To Our Patient Community:  OPEN for medical patients, 7 DAYS A WEEK from 11AM-6PM. Our Needham & Somerville stores will be offering both curbside pickup and appointments in the interim. We encourage patients to use our temporary curbside option to ensure social distancing and the safety of our staff and fellow patients. Orders must be picked up the same day they are placed - no substitutions/ additions allowed. Curbside orders must be purchased with canpay or debit options - no cash accepted. We will not be allowing appointments to be made over the phone.

page-title-bg

DISPENSING KNOWLEDGE

Cannabis Terpenes, Part 1: What’s Alpha-Pinene and How Does It Work?

You've probably heard of terpenes as part of your research into medical cannabis, but many people are still unsure what, exactly, they are. Terpenes are aromatic hydrocarbons found in the essential oils of every plant and flower. They’re even found in some insects. They have a long history, first used by the Ancient Egyptians for religious reasons. It wasn’t until recent years that terpenes blew up in the medical community, with respect to a specific plant: cannabis.

A decade ago, growers and consumers judged cannabis strains only by their THC content. But something wasn’t adding up. How could one strain benefit a medical condition more than other strains with similar THC content? Now we know it’s because of the “entourage effect.” THC (and other cannabinoids, like CBD) don’t actually operate in isolation – they work best in synergy with other cannabis compounds such as terpenes.

Terpenes are well-known for giving each cannabis strain its unique smell and flavor profile. But they also have the power to enhance or even hinder the effects of the cannabinoids responsible for medical relief.

The thing is, there are hundreds of terpenes. Only a relative few offer significant medical benefits, but how do you know which offers what?

In the first of a six-part series on terpenes you should know, we’ll explore the most common: alpha-pinene.

What Is Alpha-Pinene?

Alpha-pinene (sometimes referred to just as pinene or written α-pinene) is a colorless, organic oil with a fresh, earthy scent reminiscent of – you guessed it – a pine forest. In fact, it’s the very same terpene that gives evergreen trees their smell. You’ll also find alpha-pinene in parsley, dill, basil, rosemary, and some varieties of citrus.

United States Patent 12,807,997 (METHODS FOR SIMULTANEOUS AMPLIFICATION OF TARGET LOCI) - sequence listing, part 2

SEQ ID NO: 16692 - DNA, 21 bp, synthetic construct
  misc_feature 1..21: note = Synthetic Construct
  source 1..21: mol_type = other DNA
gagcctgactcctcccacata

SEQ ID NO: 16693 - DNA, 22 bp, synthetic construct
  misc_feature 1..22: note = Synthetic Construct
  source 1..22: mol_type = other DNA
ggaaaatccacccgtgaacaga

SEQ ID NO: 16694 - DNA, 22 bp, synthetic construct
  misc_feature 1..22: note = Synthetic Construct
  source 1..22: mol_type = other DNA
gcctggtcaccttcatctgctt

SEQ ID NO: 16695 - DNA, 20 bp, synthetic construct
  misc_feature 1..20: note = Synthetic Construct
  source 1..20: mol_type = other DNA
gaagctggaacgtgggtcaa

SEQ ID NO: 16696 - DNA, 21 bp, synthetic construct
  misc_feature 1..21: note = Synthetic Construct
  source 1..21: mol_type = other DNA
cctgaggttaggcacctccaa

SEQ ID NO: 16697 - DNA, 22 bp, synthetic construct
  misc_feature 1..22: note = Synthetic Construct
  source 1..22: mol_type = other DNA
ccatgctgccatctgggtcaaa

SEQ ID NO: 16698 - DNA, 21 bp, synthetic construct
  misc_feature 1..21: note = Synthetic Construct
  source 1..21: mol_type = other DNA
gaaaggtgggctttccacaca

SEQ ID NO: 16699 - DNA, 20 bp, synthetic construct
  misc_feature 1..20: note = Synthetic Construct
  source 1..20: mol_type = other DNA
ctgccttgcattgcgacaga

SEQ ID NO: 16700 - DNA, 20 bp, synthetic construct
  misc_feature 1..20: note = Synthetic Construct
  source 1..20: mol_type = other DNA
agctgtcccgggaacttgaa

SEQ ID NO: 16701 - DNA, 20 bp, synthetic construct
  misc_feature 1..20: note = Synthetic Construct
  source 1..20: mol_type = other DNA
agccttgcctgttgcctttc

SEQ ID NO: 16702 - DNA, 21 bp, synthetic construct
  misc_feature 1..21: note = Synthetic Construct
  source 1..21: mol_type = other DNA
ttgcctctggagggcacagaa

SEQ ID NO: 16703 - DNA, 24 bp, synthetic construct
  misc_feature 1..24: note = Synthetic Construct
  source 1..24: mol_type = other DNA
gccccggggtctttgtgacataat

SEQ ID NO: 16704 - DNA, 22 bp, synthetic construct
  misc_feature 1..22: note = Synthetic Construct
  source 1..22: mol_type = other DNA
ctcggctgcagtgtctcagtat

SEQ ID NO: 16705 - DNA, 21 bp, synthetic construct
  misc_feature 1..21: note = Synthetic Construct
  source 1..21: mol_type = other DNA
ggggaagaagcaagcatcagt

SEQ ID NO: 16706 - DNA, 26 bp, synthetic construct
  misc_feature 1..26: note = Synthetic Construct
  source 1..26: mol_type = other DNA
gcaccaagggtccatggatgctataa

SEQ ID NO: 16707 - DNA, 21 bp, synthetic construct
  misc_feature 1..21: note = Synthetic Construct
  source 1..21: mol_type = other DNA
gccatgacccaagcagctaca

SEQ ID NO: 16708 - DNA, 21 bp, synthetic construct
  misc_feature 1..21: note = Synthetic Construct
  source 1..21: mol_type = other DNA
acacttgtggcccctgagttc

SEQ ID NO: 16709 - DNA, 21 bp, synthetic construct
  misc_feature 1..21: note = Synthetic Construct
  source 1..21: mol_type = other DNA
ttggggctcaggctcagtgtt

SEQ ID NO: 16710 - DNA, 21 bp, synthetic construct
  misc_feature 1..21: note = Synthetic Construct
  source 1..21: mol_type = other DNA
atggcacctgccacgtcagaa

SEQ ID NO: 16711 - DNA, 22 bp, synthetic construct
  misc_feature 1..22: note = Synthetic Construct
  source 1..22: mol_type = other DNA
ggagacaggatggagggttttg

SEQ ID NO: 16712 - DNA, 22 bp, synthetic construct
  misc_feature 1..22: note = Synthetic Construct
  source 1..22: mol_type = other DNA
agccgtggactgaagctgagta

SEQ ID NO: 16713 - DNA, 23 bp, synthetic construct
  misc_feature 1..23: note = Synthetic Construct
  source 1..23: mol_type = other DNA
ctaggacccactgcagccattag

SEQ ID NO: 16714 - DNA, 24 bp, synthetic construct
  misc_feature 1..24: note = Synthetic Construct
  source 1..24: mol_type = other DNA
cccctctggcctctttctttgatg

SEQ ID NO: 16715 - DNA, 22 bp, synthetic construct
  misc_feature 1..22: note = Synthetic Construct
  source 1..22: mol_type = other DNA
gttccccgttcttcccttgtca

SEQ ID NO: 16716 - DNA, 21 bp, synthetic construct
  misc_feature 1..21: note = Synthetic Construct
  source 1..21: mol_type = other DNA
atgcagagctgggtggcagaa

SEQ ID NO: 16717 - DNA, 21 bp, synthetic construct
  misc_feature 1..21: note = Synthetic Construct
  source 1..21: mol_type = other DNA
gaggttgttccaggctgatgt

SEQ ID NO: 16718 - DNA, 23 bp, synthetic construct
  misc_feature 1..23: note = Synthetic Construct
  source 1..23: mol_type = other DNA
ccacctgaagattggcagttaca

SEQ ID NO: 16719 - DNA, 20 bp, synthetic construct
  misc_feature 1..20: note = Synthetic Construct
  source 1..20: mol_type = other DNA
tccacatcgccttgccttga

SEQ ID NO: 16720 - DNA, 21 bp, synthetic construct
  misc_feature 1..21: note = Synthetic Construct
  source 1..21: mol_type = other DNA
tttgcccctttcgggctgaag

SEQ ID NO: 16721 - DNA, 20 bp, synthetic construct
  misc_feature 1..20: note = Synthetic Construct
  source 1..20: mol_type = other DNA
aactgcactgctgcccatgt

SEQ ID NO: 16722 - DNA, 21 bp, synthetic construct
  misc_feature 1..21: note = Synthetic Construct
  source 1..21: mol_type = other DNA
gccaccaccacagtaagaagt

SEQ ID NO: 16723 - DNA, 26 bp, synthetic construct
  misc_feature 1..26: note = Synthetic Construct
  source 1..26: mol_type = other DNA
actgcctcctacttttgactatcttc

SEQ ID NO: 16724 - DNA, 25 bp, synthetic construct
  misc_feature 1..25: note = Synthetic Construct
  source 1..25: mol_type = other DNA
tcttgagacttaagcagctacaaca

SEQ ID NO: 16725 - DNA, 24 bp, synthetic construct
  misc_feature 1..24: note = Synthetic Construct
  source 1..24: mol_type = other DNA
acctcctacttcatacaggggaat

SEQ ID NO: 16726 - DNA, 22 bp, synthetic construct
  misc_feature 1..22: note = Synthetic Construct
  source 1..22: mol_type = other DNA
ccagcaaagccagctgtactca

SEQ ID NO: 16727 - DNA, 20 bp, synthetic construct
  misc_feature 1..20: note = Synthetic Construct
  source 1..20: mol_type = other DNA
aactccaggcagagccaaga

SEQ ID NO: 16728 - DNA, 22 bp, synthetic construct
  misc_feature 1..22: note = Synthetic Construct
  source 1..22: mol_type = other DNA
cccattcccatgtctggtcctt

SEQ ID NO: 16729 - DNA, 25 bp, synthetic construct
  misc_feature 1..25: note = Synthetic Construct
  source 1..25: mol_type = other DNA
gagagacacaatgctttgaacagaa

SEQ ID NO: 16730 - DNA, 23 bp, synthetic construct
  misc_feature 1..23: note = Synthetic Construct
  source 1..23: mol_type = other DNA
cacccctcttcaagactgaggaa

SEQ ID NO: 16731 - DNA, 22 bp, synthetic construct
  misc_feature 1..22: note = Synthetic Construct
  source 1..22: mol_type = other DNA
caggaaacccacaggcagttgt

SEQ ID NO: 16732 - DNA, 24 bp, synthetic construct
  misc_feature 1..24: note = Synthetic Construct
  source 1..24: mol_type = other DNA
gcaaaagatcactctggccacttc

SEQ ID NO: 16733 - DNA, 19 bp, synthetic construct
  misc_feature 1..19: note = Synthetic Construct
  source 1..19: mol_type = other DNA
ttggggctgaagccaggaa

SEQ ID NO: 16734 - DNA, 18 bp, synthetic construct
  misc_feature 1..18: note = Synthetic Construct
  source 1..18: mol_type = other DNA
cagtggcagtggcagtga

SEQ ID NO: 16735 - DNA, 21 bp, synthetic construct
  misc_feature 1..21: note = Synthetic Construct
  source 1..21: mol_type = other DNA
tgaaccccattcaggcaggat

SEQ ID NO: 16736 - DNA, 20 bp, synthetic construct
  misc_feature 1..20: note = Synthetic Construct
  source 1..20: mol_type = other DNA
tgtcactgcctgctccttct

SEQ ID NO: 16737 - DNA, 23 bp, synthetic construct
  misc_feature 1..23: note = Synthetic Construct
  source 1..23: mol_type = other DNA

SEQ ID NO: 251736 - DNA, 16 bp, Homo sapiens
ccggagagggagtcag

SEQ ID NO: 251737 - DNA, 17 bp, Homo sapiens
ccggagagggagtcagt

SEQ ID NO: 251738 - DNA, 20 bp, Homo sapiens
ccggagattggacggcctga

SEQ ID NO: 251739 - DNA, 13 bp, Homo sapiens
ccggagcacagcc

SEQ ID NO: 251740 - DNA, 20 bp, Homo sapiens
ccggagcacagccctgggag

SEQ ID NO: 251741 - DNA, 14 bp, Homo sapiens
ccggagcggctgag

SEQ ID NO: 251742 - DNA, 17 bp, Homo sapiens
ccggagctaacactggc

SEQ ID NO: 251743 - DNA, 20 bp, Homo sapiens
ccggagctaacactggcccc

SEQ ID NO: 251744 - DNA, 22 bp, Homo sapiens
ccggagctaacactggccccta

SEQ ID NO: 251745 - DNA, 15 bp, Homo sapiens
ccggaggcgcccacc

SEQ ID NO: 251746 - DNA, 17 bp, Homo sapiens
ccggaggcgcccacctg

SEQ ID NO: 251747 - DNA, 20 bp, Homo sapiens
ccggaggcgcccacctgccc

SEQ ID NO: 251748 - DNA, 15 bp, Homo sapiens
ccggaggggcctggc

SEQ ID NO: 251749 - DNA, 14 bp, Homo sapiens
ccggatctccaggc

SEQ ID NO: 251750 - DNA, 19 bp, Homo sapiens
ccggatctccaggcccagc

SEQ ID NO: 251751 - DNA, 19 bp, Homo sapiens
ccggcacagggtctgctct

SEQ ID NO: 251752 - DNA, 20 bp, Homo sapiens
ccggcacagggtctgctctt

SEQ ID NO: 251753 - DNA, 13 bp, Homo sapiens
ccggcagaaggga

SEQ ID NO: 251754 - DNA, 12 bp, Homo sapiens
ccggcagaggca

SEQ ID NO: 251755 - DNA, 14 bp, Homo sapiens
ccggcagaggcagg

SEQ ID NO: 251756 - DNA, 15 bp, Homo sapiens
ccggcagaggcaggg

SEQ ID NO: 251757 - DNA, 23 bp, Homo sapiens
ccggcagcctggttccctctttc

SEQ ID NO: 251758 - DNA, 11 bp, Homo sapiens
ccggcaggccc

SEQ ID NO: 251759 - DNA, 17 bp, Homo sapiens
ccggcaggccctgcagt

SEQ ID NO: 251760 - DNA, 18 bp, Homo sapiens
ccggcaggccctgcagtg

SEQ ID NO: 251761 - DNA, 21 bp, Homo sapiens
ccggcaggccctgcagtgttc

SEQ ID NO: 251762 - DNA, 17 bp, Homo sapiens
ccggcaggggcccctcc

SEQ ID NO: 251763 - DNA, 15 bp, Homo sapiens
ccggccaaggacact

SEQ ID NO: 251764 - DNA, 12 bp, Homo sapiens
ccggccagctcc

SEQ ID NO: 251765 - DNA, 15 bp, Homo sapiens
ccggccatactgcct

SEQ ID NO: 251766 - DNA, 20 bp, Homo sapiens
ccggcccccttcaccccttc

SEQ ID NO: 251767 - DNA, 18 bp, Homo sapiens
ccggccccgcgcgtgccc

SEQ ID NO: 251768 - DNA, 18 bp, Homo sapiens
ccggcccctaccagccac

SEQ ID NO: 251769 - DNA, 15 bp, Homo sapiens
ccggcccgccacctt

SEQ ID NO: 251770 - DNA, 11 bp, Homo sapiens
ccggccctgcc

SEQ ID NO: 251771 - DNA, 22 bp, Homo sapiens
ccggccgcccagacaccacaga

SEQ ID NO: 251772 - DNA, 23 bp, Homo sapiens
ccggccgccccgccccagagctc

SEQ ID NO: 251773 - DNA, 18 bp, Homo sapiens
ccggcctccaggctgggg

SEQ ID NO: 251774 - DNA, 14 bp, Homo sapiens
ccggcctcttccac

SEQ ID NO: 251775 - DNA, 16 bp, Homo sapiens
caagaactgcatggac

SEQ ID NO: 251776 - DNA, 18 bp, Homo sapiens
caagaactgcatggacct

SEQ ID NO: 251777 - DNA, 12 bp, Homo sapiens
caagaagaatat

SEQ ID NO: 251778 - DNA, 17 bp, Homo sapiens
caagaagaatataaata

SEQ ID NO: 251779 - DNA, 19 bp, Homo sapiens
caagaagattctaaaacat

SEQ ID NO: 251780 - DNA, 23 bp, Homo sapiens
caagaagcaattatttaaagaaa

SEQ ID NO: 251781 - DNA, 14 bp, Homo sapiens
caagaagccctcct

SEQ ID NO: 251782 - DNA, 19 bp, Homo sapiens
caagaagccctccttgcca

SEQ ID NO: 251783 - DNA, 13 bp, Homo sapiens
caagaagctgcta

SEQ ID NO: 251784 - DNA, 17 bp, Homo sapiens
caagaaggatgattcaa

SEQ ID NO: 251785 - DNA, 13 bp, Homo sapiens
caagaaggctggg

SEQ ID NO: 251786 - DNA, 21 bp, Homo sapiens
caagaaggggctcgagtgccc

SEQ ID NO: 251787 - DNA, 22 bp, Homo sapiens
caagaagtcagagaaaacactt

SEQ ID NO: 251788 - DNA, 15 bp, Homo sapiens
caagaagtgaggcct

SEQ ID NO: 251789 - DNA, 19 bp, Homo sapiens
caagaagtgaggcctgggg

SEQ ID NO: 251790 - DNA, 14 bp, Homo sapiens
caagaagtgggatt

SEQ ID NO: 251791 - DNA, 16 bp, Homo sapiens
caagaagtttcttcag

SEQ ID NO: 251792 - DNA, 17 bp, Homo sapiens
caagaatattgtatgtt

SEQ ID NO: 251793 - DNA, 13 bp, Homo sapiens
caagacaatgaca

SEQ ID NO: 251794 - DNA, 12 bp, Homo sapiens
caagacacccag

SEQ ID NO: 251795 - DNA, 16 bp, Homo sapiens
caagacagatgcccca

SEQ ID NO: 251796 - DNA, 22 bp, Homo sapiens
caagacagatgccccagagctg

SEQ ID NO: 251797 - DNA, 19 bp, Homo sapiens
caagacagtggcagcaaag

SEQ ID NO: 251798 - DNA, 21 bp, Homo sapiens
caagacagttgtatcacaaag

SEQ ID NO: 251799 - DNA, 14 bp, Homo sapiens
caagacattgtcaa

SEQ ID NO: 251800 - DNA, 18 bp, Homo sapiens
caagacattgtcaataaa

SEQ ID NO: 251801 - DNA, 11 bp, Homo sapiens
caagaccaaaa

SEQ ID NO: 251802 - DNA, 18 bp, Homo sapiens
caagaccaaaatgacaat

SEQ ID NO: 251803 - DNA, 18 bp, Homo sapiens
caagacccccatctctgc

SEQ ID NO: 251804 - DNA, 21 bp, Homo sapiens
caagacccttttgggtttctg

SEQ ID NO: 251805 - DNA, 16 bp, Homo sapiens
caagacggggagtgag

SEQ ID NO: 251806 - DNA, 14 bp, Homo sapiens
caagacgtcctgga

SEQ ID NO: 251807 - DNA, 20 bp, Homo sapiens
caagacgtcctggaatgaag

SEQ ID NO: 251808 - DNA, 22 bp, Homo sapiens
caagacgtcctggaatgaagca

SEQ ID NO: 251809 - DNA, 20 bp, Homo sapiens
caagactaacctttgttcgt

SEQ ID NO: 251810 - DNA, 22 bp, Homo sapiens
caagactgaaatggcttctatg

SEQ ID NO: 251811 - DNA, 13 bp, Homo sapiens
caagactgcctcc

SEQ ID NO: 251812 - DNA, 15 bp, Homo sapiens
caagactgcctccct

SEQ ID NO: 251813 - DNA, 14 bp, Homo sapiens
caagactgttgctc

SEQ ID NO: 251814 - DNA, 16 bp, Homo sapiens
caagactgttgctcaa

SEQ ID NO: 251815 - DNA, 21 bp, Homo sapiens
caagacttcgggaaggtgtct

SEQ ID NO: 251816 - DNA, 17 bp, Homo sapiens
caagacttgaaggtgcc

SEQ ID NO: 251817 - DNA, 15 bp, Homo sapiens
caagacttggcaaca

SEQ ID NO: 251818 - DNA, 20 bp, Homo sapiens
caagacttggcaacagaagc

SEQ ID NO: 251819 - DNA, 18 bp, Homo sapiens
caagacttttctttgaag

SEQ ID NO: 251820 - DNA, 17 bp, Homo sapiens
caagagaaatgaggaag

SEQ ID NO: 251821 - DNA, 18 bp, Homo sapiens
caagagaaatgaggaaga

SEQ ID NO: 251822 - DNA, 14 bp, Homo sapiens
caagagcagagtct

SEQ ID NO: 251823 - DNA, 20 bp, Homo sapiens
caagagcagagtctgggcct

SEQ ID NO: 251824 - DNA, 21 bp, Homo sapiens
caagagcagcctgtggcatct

The most widely encountered terpene in nature, alpha-pinene is also one of the most common found in cannabis and by all accounts one of the most powerful.

What Does Alpha-Pinene Treat?

Like its sibling, beta-pinene, alpha-pinene is most famous for its anti-inflammatory benefits. These are helpful for diseases like arthritis, Crohn’s, and multiple sclerosis.

As far as other conditions go:

  • Working in synergy with THC, alpha-pinene acts as a bronchodilator, opening up airways at low exposure levels to help conditions like asthma.
  • Working with CBD and CBN, it has a broad spectrum of antibiotic properties, which work against diseases like MRSA.
  • Alpha-pinene can also counteract unwanted effects of THC, such as anxiety and short-term memory. It works by inhibiting acetylcholinesterase activity in the brain, which helps you retain memories more efficiently.
  • Other benefits include euphoria, increased alertness, reduced oil production in oily skin, and most excitingly, anti-cancer properties. Studies suggest alpha-pinene can stop tumor growth and supplement chemotherapy treatments.

With all its forces against inflammation, pain, memory and respiratory problems, bacteria, viruses, and tumors, there’s no doubt alpha-pinene packs a medical punch.

Popular Strains (and What You Should Know Before Buying)

Look out for pinene-rich strains like:

  • Jack Herer: One of the most prolific sources of alpha-pinene and known for boosting focus, mood, and appetite.
  • Blue Dream: For mellow euphoria and a dash of creative energy. Don’t be fooled by its pungent blueberry aroma; the pinene isn’t as easy to detect, but it’s there in abundance.
  • OG Kush: A hybrid with a distinctive lemon-pine aroma. This strain also includes terpenes like myrcene (relaxing) and limonene (mood-enhancing).

And flowers aren’t the only option. You can also consume alpha-pinene through many varieties of essential oils, which can be ingested, absorbed through the skin, or diffused and inhaled as part of aromatherapy.

Note that alpha-pinene’s effects are influenced by other terpenes as well as cannabinoids. OG Kush is a prime example. Combined with a sedating terpene like myrcene, alpha-pinene may not promote alertness as strongly as usual. It’s always important to consider the entire chemical composition of a strain when looking for specific effects – and the only way to know for sure is through lab-tested products.

As it happens, we’re covering myrcene in the next part of our series. Stay tuned!

Share this Post: